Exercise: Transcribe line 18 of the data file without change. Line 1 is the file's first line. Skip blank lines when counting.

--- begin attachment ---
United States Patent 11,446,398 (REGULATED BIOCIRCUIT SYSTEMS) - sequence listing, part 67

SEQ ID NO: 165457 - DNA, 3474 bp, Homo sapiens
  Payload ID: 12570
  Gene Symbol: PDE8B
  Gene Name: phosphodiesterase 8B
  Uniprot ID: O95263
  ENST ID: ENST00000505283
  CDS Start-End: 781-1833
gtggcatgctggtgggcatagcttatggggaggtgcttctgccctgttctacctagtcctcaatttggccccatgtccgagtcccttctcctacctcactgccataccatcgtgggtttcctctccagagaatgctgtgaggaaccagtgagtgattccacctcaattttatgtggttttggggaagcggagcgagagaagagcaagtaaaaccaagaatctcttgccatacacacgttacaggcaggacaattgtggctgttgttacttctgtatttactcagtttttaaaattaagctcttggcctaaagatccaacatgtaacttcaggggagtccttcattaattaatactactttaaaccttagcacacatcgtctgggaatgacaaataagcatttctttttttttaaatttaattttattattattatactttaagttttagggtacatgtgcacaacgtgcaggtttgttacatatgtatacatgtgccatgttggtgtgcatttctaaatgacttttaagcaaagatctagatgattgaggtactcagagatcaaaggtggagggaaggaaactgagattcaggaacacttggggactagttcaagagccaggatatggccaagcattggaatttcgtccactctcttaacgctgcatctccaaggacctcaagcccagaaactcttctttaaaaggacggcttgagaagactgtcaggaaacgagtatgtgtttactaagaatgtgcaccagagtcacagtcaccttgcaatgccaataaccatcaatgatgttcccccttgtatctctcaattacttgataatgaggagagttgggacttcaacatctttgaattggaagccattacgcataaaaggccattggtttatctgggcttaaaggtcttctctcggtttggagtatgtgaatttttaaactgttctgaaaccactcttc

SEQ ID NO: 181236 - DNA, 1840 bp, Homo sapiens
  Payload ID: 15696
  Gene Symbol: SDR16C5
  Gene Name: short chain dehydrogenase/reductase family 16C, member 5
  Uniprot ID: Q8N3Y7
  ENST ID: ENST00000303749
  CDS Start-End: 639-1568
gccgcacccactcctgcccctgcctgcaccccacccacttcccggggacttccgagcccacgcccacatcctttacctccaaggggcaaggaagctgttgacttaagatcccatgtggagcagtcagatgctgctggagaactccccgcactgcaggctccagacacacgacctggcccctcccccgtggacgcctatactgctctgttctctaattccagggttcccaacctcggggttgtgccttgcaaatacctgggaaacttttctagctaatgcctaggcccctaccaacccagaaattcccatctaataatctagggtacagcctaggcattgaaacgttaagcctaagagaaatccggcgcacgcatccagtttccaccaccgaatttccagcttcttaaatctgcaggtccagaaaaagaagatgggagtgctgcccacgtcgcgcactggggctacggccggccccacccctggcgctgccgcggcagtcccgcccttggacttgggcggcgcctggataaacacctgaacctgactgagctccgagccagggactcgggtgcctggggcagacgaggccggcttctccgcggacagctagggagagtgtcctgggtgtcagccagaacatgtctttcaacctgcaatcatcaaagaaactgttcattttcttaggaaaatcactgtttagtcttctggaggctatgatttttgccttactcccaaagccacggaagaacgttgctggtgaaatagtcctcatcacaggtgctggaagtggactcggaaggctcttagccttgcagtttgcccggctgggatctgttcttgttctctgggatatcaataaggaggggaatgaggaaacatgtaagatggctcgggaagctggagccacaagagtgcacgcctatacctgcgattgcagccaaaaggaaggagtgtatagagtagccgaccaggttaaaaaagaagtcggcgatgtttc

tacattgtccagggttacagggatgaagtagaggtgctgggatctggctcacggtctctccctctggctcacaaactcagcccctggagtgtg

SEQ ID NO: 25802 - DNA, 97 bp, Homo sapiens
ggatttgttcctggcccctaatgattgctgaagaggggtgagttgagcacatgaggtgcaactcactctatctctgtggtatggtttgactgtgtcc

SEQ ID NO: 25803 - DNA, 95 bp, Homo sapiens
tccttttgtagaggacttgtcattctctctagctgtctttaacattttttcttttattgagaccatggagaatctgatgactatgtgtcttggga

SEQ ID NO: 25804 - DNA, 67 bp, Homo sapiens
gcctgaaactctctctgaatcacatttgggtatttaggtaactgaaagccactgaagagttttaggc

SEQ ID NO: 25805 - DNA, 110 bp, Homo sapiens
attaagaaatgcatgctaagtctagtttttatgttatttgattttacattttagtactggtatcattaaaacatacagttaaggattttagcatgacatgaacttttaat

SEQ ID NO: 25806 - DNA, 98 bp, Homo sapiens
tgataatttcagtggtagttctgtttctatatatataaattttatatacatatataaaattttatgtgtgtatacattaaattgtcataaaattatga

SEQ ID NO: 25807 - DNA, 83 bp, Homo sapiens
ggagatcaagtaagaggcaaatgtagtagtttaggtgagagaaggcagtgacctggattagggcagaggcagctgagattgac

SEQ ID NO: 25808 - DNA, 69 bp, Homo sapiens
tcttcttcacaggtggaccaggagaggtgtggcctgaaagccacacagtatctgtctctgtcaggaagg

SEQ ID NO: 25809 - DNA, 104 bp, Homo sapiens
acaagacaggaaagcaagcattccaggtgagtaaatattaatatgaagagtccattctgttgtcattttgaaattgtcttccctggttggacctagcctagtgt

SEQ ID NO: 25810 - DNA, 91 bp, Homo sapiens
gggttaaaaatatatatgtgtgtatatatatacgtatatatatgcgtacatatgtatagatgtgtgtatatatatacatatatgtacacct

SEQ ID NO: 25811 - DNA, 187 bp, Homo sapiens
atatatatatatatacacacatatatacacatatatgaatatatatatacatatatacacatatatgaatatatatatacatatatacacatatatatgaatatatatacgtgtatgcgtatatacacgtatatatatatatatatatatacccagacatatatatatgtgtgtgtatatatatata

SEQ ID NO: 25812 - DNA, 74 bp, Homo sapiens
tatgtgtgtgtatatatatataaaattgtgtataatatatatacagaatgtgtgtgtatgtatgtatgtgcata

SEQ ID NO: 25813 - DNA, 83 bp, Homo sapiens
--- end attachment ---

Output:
tacattgtccagggttacagggatgaagtagaggtgctgggatctggctcacggtctctccctctggctcacaaactcagcccctggagtgtg